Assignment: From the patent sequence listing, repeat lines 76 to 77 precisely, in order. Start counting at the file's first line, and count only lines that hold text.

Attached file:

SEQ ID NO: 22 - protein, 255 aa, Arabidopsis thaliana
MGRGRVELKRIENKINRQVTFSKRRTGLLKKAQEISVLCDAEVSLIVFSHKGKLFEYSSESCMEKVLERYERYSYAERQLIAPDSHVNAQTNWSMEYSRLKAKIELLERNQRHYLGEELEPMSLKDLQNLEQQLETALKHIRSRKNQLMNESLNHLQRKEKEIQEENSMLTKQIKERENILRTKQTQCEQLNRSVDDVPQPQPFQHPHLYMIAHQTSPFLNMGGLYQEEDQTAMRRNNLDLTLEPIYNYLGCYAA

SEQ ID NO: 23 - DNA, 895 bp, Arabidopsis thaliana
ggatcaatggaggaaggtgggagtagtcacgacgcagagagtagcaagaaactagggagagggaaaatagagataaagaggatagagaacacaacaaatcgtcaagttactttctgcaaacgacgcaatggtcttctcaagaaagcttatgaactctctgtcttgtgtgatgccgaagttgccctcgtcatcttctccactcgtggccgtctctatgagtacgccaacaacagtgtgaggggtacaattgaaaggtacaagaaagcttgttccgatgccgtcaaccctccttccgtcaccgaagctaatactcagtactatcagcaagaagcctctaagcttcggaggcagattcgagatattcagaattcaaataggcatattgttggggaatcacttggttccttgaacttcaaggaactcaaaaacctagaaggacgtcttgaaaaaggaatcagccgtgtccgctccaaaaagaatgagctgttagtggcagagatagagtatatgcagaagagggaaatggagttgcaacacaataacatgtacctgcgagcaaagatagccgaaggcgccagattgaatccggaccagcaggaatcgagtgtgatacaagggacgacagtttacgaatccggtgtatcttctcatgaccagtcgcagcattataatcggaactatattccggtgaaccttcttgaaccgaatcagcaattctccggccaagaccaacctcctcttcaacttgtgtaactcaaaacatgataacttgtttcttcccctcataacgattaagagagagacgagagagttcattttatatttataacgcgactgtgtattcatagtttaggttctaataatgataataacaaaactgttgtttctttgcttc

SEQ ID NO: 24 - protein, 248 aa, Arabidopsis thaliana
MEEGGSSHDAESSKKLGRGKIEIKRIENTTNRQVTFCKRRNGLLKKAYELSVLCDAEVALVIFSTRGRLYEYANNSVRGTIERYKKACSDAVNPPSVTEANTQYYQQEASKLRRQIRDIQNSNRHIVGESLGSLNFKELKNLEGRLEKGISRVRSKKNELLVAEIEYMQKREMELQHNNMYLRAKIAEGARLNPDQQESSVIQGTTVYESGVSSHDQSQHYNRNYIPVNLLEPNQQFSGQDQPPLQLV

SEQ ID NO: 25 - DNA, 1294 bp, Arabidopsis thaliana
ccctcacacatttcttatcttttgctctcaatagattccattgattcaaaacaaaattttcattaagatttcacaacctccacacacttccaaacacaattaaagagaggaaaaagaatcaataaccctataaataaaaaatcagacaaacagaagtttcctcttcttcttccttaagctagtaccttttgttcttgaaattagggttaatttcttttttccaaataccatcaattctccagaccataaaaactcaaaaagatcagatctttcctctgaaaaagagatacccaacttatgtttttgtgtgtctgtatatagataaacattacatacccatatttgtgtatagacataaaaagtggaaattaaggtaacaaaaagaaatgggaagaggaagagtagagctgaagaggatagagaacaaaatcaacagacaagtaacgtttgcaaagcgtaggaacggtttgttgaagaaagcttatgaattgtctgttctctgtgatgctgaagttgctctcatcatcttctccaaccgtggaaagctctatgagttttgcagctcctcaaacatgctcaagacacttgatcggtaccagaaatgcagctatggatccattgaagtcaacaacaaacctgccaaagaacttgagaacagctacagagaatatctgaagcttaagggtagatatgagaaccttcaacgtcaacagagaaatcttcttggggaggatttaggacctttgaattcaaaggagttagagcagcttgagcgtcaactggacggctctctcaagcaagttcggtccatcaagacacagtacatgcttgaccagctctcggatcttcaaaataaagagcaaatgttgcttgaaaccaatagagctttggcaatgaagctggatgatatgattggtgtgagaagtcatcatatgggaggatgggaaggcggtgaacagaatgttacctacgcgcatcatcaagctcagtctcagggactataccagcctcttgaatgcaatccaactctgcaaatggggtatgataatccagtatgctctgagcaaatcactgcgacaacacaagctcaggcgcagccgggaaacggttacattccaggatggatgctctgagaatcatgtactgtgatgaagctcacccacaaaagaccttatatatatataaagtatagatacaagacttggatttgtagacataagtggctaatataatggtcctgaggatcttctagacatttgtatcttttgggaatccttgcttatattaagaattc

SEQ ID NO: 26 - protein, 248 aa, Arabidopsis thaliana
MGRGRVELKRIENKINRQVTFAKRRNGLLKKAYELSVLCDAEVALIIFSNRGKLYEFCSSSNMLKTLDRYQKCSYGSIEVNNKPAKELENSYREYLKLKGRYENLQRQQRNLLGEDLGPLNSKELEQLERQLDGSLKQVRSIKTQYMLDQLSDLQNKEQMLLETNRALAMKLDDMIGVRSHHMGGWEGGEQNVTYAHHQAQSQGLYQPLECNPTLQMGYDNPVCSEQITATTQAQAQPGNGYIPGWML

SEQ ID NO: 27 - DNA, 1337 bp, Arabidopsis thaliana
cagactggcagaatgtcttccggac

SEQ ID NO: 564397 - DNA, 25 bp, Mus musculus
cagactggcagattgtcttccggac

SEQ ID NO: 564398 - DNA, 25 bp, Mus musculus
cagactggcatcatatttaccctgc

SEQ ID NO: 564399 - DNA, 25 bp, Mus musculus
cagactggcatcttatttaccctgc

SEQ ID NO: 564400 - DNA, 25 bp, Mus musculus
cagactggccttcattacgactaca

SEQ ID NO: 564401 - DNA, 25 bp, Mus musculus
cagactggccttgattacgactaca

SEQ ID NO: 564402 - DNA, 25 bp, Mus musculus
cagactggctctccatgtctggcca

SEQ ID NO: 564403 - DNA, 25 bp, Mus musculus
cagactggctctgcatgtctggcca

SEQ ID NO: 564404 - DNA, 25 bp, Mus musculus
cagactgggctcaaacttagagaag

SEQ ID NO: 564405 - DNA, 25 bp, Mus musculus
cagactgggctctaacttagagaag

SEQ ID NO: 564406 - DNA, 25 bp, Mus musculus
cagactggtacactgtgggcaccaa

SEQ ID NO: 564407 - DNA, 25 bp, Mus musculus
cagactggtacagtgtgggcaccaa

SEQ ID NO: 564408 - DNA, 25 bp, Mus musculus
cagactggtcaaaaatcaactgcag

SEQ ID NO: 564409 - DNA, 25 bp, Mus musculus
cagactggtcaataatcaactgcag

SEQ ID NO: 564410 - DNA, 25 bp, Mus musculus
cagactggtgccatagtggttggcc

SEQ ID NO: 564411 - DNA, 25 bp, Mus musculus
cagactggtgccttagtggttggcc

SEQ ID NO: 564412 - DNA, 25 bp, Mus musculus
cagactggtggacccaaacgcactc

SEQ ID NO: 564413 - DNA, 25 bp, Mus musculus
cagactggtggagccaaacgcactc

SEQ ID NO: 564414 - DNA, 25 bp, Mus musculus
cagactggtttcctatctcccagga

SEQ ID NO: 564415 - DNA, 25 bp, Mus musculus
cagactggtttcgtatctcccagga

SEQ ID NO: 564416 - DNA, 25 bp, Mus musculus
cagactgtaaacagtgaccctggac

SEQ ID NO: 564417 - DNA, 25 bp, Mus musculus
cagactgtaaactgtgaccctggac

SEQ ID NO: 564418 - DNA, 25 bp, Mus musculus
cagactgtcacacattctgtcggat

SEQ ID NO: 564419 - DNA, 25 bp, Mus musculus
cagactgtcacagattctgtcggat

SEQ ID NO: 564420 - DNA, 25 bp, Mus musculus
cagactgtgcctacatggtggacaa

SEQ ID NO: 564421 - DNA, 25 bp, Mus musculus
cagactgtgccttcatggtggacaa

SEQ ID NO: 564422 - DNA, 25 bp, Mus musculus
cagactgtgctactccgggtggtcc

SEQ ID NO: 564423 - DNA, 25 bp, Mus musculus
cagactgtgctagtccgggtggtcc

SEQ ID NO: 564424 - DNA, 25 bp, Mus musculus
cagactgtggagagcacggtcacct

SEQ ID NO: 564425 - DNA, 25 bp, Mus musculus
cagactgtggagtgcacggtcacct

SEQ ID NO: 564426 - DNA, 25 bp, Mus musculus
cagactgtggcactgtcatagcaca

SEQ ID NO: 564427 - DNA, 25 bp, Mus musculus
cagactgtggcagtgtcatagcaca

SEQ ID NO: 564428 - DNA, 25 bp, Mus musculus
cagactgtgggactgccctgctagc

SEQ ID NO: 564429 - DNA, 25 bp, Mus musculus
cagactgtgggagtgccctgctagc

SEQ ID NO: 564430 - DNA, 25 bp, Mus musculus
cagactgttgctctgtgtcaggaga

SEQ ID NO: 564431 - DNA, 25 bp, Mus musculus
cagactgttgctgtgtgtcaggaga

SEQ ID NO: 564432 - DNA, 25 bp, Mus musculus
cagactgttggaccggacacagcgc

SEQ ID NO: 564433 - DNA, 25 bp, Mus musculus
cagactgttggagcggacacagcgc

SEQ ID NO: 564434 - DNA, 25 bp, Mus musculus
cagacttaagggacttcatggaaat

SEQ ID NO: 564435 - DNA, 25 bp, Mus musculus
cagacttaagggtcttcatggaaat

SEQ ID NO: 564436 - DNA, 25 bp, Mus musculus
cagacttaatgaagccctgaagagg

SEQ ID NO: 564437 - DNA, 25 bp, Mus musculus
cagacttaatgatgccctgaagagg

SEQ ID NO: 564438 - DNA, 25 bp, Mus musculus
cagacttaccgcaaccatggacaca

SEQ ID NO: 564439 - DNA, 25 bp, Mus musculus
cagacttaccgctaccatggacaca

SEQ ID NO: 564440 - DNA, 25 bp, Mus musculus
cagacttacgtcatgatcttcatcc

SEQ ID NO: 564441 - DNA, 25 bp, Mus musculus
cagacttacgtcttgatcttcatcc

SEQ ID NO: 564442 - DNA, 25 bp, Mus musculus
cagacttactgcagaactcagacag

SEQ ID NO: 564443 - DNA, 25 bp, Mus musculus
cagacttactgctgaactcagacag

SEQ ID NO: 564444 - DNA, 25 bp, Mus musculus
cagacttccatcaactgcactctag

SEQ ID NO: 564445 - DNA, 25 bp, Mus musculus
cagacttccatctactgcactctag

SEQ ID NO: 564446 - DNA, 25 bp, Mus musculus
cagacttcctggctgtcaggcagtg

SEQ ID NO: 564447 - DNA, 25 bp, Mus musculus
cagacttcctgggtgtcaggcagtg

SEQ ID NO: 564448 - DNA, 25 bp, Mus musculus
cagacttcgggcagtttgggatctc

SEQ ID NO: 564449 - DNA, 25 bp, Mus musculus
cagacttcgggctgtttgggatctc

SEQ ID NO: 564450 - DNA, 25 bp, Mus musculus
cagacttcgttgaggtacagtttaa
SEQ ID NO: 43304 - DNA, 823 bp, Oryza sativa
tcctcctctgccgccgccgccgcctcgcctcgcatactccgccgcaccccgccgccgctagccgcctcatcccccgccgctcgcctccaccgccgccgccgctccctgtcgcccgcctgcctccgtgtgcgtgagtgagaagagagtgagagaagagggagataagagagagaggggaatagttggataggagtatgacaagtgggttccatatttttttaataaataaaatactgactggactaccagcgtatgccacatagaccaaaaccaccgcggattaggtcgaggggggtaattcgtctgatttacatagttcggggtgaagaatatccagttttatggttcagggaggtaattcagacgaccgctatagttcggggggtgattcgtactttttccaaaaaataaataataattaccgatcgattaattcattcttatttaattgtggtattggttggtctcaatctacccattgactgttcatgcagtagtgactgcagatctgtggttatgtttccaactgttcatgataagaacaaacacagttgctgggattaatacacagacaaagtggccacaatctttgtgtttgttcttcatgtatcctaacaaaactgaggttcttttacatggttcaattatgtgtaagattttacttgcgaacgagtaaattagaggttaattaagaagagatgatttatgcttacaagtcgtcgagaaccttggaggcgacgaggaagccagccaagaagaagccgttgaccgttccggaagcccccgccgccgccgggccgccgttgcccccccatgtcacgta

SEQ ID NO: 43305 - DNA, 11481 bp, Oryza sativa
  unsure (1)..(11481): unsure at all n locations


cagactgtgggactgccctgctagc

SEQ ID NO: 564429 - DNA, 25 bp, Mus musculus